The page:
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Federal Regulations for Pet Travel on Planes

February 27, 2014

Since a pet is a member of your family, you might be considering bringing him or her along on your next long-distance trip. You will need to plan ahead to ensure the best possible in-flight experience. The Federal Aviation Authority has published helpful information about traveling with pets on its website at
, which includes answers to frequently asked questions about the process.

While federal regulations require airlines to allow service animals in the cabin, not all airlines permit pets to travel this way. Ask your air carrier about its policies before you book your flight. If your airline allows pets to fly in-cabin, they must be brought aboard in an approved container small enough to fit under a seat. The FAA considers a pet in a carrier to be a carry-on item.

Even airlines that allow cats and dogs in passenger cabins may not allow other animals. For example, only a handful of U.S.-based airlines allow rabbits to fly in-cabin. And your snake will likely only be able to fly as air cargo, making reptiles among the most difficult species with which to travel.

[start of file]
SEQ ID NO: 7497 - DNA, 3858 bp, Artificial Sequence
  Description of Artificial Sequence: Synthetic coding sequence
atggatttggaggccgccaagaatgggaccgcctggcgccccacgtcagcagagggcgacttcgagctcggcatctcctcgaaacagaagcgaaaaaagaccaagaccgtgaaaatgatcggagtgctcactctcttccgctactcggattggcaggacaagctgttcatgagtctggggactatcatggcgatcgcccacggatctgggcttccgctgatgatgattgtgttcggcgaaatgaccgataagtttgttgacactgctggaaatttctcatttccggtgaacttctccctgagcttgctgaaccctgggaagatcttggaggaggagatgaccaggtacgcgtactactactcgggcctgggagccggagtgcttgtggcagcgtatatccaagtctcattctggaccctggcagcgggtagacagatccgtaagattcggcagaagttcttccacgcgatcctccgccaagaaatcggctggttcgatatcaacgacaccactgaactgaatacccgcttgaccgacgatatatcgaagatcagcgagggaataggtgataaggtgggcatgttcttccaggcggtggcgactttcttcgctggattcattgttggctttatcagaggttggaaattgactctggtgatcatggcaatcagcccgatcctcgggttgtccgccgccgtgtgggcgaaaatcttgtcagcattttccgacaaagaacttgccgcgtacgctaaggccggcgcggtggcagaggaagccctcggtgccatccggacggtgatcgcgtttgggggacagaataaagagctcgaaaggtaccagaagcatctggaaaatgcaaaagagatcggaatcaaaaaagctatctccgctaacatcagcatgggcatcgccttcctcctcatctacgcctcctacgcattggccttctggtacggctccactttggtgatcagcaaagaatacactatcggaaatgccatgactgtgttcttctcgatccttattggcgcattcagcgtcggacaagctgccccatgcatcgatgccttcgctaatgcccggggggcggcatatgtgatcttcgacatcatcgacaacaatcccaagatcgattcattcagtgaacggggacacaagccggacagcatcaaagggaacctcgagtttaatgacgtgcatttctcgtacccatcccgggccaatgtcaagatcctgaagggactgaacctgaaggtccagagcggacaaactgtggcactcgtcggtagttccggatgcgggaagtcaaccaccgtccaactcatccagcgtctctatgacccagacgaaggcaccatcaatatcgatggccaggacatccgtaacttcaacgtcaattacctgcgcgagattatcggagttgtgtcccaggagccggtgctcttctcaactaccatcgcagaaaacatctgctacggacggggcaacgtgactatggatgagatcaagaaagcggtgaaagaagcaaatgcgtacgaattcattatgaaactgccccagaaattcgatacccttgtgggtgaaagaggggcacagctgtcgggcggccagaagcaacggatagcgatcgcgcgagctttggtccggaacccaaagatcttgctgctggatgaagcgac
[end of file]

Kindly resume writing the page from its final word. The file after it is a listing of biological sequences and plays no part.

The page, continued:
Most airlines require an extra fee for in-cabin pets, which can be as much as several hundred dollars per animal. Most also limit the number of animals that can travel in a cabin on any one flight. Plus, many airlines have different rules for international and domestic flights, and your destination will have its own regulations. Even within the United States, pet owners who transport their animals across state lines are required to travel with a veterinarian-issued health certificate.


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